Concerto Symphonique – Virtuoso Works for Piano and Orchestra

Volume 1 Mozart, Beethoven, Chopin, Stojowski, Saint Saens, Litolff

IAN MUNRO (piano) & DAVID PORCELIJN (conductor)
Tasmanian Symphony Orchestra

ABC CLASSICS 465 424-2

reviewed by Neville Cohn

Apart from Litolff’s rather over-exposed “Scherzo” from his Concerto Symphonique No. 4, just about everything else on this CD is refreshingly off the beaten track. Some of it is wafer thin in musical terms but well worth listening to if only to savour Ian Munro’s skill in presenting these musical baubles with immense flair. Mozart’s rarely heard Rondo in A, K386 comes across beautifully, glowing with vitality and musicality. There’s nothing in the least effete or limp-wristed about Munro’s approach to the music of the Salzburg genius; an emphatic, no-nonsense approach to the score makes for bracing listening.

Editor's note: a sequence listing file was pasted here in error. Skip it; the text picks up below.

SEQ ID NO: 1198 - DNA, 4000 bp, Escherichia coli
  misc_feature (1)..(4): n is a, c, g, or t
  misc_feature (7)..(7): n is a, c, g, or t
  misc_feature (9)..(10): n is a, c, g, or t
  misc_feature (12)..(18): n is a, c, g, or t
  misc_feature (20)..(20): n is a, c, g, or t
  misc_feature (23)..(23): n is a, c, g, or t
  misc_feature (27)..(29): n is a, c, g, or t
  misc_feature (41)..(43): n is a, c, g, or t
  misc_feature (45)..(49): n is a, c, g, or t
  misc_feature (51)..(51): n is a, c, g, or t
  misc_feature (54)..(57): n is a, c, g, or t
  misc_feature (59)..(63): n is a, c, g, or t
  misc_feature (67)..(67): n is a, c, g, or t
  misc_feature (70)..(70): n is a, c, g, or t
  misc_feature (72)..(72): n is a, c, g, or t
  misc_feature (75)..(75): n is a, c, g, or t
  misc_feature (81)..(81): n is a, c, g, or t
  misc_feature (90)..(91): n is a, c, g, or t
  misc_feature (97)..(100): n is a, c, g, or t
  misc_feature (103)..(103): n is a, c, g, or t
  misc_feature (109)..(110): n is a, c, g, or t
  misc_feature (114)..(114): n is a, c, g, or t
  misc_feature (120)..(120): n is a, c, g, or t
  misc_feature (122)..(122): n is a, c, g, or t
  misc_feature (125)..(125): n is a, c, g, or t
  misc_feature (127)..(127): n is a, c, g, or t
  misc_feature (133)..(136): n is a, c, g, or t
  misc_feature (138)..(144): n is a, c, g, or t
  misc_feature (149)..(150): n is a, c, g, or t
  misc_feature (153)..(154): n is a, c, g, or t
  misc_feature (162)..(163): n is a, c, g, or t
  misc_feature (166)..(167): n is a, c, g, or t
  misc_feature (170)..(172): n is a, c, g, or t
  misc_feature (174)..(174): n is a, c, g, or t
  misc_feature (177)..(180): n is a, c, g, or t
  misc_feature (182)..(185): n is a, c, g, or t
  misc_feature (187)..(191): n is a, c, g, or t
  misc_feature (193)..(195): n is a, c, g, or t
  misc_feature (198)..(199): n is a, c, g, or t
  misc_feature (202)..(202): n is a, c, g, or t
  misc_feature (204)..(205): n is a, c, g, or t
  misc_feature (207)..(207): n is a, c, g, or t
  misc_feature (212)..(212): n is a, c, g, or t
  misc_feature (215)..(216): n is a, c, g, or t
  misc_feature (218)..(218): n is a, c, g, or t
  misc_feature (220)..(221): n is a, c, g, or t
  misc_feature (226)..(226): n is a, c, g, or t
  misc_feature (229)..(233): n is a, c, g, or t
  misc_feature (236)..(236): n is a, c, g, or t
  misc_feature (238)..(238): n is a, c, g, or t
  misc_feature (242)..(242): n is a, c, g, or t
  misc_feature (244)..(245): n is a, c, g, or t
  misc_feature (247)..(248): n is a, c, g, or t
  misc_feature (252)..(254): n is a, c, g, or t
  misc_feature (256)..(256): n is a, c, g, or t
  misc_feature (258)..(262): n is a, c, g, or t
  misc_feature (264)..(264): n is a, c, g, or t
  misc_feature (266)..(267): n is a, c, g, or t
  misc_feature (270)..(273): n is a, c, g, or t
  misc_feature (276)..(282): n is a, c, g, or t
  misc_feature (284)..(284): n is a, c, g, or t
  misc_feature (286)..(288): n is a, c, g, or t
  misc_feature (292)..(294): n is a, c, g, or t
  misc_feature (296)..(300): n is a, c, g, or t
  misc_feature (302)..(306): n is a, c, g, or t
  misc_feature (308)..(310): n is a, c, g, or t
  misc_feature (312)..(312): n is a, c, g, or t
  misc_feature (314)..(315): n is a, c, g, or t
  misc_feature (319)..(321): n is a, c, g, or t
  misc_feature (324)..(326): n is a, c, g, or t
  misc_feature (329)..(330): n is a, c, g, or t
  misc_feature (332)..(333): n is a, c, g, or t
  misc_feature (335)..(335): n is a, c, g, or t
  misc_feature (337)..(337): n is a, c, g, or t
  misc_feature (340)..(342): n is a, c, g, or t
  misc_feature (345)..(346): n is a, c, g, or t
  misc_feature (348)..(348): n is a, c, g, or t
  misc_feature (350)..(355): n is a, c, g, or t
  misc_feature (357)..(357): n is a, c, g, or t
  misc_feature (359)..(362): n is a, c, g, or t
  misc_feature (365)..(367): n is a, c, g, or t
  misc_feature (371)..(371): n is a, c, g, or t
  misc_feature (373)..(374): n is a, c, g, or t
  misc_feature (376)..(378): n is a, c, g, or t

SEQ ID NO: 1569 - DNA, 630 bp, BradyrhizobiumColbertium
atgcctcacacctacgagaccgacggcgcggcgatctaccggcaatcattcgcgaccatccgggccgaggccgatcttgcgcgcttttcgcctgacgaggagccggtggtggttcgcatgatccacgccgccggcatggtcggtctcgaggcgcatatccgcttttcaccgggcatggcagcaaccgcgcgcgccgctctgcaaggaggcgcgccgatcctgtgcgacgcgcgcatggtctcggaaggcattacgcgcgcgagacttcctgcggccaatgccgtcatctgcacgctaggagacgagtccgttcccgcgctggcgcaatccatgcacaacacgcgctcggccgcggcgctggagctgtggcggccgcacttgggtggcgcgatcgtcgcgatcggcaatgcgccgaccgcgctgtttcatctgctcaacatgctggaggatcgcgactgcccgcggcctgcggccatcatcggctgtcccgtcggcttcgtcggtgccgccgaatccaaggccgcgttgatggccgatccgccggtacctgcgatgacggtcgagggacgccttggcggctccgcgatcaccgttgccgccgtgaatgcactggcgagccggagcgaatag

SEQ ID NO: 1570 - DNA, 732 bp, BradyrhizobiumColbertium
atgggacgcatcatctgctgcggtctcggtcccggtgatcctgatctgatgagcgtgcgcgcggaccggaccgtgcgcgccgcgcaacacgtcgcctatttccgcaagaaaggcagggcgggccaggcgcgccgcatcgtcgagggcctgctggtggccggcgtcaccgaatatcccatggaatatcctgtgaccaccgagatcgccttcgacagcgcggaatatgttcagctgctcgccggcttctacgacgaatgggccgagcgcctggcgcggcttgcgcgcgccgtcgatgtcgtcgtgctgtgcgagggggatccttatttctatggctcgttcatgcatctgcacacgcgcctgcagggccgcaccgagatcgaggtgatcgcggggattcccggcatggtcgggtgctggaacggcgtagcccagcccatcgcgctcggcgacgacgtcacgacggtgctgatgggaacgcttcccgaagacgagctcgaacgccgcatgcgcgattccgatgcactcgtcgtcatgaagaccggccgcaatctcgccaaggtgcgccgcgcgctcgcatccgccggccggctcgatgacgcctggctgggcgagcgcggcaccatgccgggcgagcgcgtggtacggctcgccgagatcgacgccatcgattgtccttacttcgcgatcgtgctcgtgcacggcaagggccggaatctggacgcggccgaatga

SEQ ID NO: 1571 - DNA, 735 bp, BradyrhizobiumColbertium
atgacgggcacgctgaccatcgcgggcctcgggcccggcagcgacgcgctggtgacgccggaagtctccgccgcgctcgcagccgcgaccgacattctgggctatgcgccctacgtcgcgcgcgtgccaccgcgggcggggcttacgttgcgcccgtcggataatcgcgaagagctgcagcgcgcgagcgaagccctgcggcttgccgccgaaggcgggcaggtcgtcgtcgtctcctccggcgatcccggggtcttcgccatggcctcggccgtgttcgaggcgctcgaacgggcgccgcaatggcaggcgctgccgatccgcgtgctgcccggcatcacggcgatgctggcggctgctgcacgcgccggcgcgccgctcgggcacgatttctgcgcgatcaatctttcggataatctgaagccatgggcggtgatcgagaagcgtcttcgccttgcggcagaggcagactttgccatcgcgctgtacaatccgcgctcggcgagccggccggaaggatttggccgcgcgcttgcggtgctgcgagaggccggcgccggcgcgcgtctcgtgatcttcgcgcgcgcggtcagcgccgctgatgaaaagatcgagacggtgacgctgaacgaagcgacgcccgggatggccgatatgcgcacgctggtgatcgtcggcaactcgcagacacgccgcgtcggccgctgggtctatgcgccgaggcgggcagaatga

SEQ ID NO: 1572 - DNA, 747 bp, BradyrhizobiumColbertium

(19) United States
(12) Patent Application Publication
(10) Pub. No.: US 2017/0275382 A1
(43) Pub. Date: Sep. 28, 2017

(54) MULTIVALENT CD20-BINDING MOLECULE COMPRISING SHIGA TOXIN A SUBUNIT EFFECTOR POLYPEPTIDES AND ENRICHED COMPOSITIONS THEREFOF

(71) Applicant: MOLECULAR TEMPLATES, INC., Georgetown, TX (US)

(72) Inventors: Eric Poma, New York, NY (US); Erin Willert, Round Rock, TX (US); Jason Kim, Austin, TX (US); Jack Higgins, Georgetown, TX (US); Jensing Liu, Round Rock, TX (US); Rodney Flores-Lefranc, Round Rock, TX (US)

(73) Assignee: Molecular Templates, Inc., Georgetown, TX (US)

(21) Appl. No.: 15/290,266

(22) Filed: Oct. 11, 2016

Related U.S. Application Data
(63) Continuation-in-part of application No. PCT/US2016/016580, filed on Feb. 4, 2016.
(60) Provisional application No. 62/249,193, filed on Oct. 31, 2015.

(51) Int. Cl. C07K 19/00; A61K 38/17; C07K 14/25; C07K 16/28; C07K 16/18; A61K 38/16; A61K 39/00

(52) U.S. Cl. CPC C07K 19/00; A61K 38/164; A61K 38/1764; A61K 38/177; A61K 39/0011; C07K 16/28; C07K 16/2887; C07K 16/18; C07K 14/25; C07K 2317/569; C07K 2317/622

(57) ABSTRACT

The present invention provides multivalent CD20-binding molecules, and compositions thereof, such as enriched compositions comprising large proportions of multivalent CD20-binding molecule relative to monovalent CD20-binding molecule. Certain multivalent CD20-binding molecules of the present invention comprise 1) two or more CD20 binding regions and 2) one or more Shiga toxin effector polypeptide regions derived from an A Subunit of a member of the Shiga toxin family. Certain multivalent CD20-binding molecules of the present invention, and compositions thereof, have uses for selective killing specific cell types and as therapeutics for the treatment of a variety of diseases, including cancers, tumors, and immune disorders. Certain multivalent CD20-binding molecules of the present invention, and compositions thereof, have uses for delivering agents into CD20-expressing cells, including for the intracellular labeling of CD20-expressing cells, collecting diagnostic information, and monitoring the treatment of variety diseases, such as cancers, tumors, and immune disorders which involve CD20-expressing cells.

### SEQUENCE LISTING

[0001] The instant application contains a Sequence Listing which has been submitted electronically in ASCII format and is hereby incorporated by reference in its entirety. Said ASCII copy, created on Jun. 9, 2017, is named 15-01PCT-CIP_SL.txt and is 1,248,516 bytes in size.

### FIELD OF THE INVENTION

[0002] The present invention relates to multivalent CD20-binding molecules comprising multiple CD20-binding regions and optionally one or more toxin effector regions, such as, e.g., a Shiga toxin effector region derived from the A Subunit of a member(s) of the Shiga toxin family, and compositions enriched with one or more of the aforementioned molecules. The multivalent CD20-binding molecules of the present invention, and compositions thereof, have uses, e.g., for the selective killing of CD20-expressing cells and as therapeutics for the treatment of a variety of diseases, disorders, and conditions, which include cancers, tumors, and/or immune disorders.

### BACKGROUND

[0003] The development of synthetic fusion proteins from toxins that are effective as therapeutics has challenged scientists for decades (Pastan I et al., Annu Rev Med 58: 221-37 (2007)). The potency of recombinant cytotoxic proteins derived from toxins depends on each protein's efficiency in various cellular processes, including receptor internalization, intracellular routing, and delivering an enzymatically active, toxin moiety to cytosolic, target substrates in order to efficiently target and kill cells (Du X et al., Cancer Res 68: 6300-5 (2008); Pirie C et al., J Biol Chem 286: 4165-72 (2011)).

Munro is equally persuasive in Beethoven’s Rondo in B flat, WoO 6. An early work, it would have been a vehicle for the young composer to demonstrate the virtuosity that was his bread and butter before turning to greater things. Munro romps through the score with an ease that reminds one that for sheer facility of finger, few of his compatriots can hold a candle to him on a good day.

For all the virtuosity brought to bear on Stojowski’s Rapsodie Symphonique, one felt that, despite the most skilled needlework, one cannot make a silk purse out of a sow’s ear – and, in musical terms, that is what Stojowski’s opus amounts to. Both soloist and orchestra respond with gusto to Saint Saens’ Rapsodie d’Auvergne, maintaining a spanking pace, with Munro lavishing some quite exquisite tonal light and shade on the notes. Throughout, conductor David Porcelijn and the Tasmanian Symphony Orchestra provide accompaniments fit for royalty, with Munro occupying the throne with princely authority.


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